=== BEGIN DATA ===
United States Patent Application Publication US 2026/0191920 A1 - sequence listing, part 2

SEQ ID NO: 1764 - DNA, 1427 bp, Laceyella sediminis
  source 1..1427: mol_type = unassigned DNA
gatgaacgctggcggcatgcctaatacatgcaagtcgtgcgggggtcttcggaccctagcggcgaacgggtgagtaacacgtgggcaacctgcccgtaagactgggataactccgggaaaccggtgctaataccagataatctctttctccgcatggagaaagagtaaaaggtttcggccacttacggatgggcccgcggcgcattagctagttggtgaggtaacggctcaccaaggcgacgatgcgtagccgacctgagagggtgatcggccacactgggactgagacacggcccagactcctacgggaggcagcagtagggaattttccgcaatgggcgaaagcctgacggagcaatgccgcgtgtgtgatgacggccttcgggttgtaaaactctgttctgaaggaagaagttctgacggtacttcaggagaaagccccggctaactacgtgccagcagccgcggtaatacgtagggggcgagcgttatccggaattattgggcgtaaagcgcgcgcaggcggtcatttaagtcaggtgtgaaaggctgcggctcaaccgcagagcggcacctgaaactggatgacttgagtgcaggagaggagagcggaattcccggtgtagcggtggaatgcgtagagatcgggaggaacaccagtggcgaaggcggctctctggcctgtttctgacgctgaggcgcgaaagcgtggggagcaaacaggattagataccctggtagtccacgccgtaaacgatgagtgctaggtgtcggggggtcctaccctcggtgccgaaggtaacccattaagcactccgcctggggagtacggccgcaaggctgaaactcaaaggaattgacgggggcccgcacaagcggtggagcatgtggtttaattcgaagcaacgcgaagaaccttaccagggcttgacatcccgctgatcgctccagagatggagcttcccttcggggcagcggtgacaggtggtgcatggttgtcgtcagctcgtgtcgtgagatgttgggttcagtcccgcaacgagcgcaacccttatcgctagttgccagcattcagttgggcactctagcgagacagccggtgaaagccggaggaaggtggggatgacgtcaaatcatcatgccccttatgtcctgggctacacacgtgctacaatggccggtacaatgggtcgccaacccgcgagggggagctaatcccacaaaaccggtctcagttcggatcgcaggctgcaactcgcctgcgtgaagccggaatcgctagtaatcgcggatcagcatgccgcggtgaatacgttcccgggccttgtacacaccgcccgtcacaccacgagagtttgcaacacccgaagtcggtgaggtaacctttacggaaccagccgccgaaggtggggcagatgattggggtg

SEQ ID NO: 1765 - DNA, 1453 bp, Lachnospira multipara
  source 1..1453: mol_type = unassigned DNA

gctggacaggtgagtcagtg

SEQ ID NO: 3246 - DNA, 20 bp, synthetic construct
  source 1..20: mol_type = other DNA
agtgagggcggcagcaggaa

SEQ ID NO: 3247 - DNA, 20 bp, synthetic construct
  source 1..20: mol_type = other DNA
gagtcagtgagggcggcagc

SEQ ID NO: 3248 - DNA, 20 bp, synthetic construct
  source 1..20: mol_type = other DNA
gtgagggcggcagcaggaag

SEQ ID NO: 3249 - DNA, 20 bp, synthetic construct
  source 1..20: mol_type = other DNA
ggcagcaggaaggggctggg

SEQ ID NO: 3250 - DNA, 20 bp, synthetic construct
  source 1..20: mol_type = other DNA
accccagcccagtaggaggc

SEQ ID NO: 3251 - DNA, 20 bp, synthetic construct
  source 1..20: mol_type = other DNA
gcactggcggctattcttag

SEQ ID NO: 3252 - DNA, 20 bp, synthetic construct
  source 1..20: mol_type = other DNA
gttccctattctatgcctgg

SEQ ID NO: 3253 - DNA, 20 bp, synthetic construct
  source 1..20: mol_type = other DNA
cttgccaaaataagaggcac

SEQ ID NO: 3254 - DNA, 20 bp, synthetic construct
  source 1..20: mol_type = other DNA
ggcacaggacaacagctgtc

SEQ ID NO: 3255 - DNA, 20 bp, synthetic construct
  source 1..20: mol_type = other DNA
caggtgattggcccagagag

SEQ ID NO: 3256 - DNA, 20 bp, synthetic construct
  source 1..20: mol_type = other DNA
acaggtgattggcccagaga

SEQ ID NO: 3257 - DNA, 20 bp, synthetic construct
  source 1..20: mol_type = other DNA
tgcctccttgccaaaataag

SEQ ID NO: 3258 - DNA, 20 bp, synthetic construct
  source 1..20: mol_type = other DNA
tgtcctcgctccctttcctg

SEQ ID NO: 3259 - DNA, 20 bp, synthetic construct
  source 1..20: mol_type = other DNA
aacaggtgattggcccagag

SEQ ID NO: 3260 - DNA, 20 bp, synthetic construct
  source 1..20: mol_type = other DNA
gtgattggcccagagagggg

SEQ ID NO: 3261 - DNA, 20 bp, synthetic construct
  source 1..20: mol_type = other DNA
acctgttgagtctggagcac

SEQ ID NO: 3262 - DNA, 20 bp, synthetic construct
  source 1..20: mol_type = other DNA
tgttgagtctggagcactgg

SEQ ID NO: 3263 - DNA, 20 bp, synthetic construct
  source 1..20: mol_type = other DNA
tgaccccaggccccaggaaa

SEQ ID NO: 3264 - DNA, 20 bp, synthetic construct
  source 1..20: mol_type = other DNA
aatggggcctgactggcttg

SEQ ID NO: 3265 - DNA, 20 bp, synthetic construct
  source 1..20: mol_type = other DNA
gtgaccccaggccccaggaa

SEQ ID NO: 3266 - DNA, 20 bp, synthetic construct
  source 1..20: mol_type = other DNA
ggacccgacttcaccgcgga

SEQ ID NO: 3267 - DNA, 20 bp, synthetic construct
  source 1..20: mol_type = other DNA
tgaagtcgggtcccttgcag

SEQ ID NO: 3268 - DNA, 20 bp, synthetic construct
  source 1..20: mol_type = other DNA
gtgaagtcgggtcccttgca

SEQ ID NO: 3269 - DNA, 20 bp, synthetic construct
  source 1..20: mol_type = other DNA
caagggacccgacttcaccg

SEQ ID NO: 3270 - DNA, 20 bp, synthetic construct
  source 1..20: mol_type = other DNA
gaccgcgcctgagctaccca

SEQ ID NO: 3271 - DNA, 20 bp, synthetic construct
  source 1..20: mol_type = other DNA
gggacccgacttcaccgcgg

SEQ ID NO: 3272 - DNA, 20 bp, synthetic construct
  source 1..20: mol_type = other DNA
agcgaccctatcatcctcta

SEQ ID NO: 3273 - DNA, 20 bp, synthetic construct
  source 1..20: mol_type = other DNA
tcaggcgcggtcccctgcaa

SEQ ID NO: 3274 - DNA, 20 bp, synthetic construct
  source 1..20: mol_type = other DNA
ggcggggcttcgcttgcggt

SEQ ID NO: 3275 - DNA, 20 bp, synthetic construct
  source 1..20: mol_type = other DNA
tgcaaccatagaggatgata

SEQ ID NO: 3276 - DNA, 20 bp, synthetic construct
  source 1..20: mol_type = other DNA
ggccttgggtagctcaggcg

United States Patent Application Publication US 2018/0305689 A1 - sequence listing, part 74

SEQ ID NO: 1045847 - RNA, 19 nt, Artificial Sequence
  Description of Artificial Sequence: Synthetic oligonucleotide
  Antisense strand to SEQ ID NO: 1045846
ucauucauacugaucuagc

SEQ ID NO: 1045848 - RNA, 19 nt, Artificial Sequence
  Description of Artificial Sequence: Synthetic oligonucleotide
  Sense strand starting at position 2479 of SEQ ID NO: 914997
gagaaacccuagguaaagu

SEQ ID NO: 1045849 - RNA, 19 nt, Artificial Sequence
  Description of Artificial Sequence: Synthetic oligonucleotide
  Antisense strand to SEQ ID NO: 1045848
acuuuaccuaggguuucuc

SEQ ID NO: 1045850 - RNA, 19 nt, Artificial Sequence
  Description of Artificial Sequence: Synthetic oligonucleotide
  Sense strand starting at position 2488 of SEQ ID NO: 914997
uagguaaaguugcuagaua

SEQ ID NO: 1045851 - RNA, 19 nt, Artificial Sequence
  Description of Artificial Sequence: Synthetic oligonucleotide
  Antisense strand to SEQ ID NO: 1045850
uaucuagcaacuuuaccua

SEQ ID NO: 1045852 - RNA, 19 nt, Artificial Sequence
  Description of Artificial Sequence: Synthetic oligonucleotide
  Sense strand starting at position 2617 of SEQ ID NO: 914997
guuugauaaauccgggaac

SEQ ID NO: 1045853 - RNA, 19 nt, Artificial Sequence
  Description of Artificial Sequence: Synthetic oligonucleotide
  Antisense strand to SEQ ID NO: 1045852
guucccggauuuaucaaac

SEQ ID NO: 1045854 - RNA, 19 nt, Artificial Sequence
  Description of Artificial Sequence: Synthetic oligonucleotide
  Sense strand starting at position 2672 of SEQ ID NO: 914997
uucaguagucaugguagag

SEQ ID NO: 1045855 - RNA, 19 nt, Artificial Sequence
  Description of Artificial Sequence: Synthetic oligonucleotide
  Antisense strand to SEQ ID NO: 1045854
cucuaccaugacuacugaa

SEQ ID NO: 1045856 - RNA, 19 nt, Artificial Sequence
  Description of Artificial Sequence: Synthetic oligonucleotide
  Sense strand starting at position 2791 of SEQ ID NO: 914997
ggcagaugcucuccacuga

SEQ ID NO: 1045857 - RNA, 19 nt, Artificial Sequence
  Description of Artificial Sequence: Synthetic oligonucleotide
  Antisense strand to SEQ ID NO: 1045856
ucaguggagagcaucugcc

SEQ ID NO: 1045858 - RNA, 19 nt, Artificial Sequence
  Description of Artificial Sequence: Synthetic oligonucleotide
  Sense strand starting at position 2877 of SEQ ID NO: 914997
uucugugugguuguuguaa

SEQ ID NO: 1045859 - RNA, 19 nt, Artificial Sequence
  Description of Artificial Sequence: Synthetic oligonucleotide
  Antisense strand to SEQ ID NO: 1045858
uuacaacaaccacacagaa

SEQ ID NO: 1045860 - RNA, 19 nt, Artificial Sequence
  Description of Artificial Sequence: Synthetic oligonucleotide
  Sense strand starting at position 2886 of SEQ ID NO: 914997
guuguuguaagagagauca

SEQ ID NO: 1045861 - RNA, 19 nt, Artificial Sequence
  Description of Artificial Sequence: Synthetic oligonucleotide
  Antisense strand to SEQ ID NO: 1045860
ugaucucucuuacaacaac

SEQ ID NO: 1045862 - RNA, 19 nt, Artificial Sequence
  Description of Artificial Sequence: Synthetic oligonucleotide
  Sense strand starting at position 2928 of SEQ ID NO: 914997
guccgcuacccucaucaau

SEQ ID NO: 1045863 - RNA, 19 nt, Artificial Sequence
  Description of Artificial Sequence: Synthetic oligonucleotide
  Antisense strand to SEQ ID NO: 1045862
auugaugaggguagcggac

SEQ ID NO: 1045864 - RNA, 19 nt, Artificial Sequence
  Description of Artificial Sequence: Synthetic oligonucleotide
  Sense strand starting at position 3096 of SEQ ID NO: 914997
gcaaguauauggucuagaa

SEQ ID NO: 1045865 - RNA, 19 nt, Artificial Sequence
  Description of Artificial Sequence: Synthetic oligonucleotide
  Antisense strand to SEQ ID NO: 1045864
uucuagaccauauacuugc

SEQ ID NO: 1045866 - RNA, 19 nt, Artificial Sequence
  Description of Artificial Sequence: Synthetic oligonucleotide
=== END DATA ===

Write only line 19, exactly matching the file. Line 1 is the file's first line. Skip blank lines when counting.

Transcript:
ggcagcaggaaggggctggg